Fig. 1
Fig. 1

Smear positivity among age groups

Fig. 2
Fig. 2

Geographical representation of smear positive cases

Fig. 3
Fig. 3

Smear positivity according to occupation

Table 1

Smear positivity with demographic and exposure related risk factors

Demograhic and other Risk Factors

Smear positive

Smear negative

Total

Chi2

p Value

Number / (%)

Number / (%)

Sex (n = 504)

 

2.184

0.139

 Male

123 (44.4)

154 (55.6)

277

  

 Female

86 (37.9)

141 (62.1)

227

  

Presence of scrub jungle near residence (n = 460)

 

0.708

0.4

 Yes

151 (43.3)

198 (56.7)

349

  

 No

43 (38.7)

68 (61.3)

111

  

Presence of sandflies in environment (n = 473)

 

4.412

0.04

 Yes

158 (44.1)

200 (55.9)

358

  

 No

38 (33)

77 (67)

115

  

Contact history (n = 508)

 

7.86

0.005

 Yes

25 (62.5)

15 (37.5)

40

  

 No

186 (39.7)

282 (60.3)

468

  

Past history of similar cutaneous manifestations (n = 367)

 

2.262

0.133

 Yes

6 (25)

18 (75)

24

  

 No

139 (40.5)

204 (59.5)

343

  

Comorbidities (n = 176)

 

0.038

0.845

 Yes

19 (35.8)

34 (64.2)

53

  

 No

46 (37.4)

77 (62.6)

123

  

Travel abroad within 1 year

(n = 448)

 

0.338

0.561

 Yes

16 (45.7)

19 (54.3)

35

  

 No

168 (40.7)

245 (59.3)

413

  

Clinical features and lesion characteristics in relation to smear positivity

Most of the lesions were observed in exposed parts of the body of which the head and neck region was the most affected in terms of the number of lesions. Site specific smear positivity was highest in the trunk with 53.1% returning positive smears. The site of lesion however was not found to be statistically significant (p = 0.306). Lack of pruritus (p = 0.017), presence of erythema (p = 0.023) and scaly appearance (p = 0.003) were lesion characteristics which had statistically significant associations with smear positivity.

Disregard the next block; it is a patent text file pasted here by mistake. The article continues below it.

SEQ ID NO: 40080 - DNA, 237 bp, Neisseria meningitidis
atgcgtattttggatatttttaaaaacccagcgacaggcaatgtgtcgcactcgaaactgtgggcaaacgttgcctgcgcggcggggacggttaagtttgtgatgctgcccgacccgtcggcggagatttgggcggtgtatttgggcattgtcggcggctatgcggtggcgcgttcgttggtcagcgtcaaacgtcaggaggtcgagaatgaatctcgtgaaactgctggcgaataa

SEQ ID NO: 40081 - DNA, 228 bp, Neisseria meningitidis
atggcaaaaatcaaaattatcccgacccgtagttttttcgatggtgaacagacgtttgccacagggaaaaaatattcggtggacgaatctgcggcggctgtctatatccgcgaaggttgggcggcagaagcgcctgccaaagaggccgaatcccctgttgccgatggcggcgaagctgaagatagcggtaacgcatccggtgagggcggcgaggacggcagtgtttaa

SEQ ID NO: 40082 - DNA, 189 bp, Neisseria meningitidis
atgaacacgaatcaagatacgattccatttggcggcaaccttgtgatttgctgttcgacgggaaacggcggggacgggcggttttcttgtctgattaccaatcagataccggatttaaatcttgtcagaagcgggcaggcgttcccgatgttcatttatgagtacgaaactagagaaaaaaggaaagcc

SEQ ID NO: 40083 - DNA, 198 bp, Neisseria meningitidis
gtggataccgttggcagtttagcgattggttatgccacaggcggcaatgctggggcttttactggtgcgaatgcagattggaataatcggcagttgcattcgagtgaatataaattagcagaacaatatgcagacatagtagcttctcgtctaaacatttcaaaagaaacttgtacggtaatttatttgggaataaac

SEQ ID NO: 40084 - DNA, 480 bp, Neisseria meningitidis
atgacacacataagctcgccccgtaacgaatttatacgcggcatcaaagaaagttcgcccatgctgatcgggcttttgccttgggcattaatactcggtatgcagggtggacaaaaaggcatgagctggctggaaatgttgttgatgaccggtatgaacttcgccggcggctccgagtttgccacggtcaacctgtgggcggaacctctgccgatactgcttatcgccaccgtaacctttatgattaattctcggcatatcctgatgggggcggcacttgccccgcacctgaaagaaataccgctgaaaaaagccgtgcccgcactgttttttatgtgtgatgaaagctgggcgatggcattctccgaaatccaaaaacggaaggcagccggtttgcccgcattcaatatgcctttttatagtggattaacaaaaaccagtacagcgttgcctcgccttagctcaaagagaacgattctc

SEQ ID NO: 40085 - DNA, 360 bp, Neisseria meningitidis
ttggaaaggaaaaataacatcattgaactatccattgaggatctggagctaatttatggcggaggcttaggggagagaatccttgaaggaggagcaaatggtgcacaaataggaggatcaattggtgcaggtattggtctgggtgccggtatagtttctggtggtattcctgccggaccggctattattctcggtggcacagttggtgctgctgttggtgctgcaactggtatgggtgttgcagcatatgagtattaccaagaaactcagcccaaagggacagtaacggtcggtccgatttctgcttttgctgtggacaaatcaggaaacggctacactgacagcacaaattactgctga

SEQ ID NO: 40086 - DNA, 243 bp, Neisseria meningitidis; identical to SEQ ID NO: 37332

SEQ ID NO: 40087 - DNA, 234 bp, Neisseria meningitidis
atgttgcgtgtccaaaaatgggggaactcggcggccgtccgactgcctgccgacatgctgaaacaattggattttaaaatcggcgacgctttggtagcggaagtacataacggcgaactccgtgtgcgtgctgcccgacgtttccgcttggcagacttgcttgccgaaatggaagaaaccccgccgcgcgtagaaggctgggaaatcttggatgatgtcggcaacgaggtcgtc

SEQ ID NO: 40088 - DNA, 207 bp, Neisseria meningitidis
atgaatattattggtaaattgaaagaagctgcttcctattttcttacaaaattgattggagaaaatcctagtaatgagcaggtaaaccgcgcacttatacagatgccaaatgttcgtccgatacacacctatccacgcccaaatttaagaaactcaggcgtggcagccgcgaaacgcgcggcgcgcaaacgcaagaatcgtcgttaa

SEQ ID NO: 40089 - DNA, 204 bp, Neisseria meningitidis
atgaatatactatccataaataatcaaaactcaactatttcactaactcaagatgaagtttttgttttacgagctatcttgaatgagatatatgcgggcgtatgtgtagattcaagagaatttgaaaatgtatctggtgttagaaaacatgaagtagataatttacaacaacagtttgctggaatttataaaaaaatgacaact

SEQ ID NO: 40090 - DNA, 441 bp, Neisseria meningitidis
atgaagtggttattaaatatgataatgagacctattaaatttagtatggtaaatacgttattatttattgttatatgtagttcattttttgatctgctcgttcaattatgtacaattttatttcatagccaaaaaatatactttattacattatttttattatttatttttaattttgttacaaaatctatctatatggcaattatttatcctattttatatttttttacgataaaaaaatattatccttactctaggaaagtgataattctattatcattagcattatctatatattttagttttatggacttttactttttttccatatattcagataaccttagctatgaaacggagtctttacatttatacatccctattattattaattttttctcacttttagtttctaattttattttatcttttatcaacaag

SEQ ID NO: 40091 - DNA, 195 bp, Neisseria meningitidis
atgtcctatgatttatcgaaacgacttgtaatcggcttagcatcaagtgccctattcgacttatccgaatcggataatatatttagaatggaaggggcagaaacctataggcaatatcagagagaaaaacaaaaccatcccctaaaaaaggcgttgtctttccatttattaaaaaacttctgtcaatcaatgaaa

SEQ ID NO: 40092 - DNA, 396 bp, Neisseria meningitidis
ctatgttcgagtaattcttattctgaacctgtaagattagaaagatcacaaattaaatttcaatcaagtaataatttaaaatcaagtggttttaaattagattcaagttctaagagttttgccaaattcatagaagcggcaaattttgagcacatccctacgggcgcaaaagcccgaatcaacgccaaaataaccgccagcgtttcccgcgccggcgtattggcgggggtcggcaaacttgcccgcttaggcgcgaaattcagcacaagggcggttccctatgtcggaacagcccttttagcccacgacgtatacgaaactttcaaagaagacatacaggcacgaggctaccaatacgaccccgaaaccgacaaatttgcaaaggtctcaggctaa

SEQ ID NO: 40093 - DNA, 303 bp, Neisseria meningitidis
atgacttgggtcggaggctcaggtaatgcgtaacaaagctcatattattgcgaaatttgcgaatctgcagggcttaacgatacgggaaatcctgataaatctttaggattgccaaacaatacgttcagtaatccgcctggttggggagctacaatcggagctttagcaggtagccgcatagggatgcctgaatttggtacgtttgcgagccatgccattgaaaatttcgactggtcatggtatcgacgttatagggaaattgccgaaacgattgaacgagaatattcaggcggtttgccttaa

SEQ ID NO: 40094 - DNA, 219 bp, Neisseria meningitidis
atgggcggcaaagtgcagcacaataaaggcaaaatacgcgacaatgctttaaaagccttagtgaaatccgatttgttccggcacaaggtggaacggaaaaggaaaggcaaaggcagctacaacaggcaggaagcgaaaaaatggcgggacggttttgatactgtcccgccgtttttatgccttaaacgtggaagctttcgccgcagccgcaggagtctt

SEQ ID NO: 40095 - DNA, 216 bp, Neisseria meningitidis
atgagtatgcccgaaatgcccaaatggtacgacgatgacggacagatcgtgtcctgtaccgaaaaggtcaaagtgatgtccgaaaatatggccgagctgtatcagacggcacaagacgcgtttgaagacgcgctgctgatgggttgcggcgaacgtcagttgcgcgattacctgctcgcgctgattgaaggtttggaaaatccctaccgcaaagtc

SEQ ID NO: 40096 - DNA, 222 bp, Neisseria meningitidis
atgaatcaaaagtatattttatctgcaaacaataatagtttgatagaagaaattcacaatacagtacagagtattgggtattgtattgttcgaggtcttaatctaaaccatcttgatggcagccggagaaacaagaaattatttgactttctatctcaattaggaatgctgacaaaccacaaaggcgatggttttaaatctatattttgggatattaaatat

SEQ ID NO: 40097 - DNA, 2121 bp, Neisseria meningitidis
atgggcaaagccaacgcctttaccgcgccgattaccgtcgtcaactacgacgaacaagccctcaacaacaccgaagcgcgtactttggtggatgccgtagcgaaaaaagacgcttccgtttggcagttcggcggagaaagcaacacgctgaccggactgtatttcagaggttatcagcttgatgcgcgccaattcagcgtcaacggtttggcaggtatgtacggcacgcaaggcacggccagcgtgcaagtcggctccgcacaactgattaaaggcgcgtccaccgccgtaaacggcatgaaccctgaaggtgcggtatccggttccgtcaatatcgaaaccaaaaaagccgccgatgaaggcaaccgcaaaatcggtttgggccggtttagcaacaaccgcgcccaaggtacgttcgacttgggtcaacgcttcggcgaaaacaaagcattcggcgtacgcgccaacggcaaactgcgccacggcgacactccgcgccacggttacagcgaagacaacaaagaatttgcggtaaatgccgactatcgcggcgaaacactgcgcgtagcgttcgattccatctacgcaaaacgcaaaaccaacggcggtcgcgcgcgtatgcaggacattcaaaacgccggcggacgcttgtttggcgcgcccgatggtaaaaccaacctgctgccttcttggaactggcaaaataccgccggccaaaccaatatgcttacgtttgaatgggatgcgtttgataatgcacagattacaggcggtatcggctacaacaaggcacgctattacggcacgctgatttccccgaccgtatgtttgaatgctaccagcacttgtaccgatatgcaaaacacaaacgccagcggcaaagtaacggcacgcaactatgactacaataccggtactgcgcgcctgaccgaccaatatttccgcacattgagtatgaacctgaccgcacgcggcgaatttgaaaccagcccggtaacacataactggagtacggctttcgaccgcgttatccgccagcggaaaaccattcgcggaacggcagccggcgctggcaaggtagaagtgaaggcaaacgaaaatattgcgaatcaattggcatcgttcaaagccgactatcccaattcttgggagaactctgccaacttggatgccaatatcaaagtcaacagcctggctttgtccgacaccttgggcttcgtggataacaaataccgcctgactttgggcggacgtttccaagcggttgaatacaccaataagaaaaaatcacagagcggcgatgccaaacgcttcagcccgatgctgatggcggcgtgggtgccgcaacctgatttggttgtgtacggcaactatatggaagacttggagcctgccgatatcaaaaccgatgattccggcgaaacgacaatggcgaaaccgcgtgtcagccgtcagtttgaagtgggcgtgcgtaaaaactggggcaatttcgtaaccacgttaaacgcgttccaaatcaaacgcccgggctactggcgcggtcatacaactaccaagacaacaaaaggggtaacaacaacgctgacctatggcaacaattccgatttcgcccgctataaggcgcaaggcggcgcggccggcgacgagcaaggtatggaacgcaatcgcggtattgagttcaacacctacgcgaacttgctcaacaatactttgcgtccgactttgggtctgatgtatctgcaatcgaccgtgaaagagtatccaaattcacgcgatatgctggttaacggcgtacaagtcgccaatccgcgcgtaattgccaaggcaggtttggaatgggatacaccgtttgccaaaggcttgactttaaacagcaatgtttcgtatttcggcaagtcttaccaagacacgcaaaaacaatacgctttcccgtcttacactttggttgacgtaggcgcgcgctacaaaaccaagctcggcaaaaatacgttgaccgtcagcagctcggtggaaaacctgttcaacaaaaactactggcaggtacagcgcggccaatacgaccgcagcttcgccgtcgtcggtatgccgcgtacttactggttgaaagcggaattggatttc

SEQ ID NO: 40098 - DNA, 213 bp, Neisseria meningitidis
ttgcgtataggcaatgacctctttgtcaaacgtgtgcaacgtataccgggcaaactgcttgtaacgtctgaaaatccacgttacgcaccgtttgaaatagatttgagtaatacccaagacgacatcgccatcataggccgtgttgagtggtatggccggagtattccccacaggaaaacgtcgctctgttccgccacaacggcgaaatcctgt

Out of the lesions that were smear positive, most lasted less than 6 months (54.5%), were papulo-nodular (43.9%) in type and were painless (89.8%). Satellite lesions were absent in the majority (93.6%). The highest smear positivity was seen in lesions measuring 15-29 mm (45.3%). These as well as clinical signs such as fever, local lymphadenopathy and hypo/hyperpigmentation were not associated significantly with positive smears for Leishmania amastigotes (Table 2).
Table 2

Lesion characteristics and other clinical features

Lesion characteristics/ Clinical features

Smear positive

Smear negative

Total

Chi2

p Value

Number / (%)

Number / (%)

Duration (n = 491)

 

0.626

0.731

 <  6 months

110 (42.5)

149 (57.5)

259

  

 6–12 months

47 (38.2)

76 (61.8)

123

  

 > 12 months

45 (41.3)

64 (58.7)

109

  

Site of Lesion (n = 497)

 

3.612

0.306

 Head and Neck

114 (43.5)

148 (56.5)

262

  

 Trunk

17 (53.1)

15 (46.9)

32

  

 Upper Limbs

57 (37.7)

94 (62.3)

151

  

 Lower Limbs

19 (36.5)

33 (63.5)

52

  

Size of Lesion (n = 436)

 

3.139

0.371

 < 15 mm

82 (39.4)

126 (60.6)

208

  

 15-30 mm

68 (45.3)

82 (54.7)

150

  

 30-45 mm

20 (44.4)

25 (55.6)

45

  

 > 45 mm

10 (30.3)

23 (69.7)

33

  

Multiple Lesions (n = 506)

 

3.272

0.07

 Yes

47 (50)

47 (50)

94

  

 No

164 (39.8)

248 (60.2)

412

  

Satellite lesions (n = 491)

 

0.146

0.703

 Present

13 (38.2)

21 (61.8)

34

  

 Absent

190 (41.6)

267 (58.4)

457

  

Type of lesion (n = 468)

 

1.814

0.612

 Papulo-nodular

87 (46)

102 (54)

189

  

 Nodulo-ulcerative

45 (40.2)

67 (59.8)

112

  

 Ulcerative

41 (39.4)

63 (60.6)

104

  

 Plaque

25 (39.7)

38 (60.3)

63

  

Pruritus (n = 493)

 

5.696

0.017

 Present

37 (32.2)

78 (67.8)

115

  

 Absent

169 (44.7)

209 (55.3)

378

  

Hypopigmentation (n = 324)

 

1.992

0.158

 Present

53 (44.5)

66 (55.5)

119

  

 Absent

75 (36.6)

130 (63.4)

205

  

Hyperpigmentation (n = 231)

 

0.823

0.364

 Present

32 (38.1)

52 (61.9)

84

  

 Absent

65 (44.2)

82 (55.8)

147

  

Erythema (n = 389)

 

5.148

0.023

 Present

101 (46.1)

118 (53.9)

219

  

 Absent

59 (34.7)

111 (65.3)

170

  

Dry Lesion (n = 276)

 

2.870

0.09

 Yes

98 (42.4)

133 (57.6)

231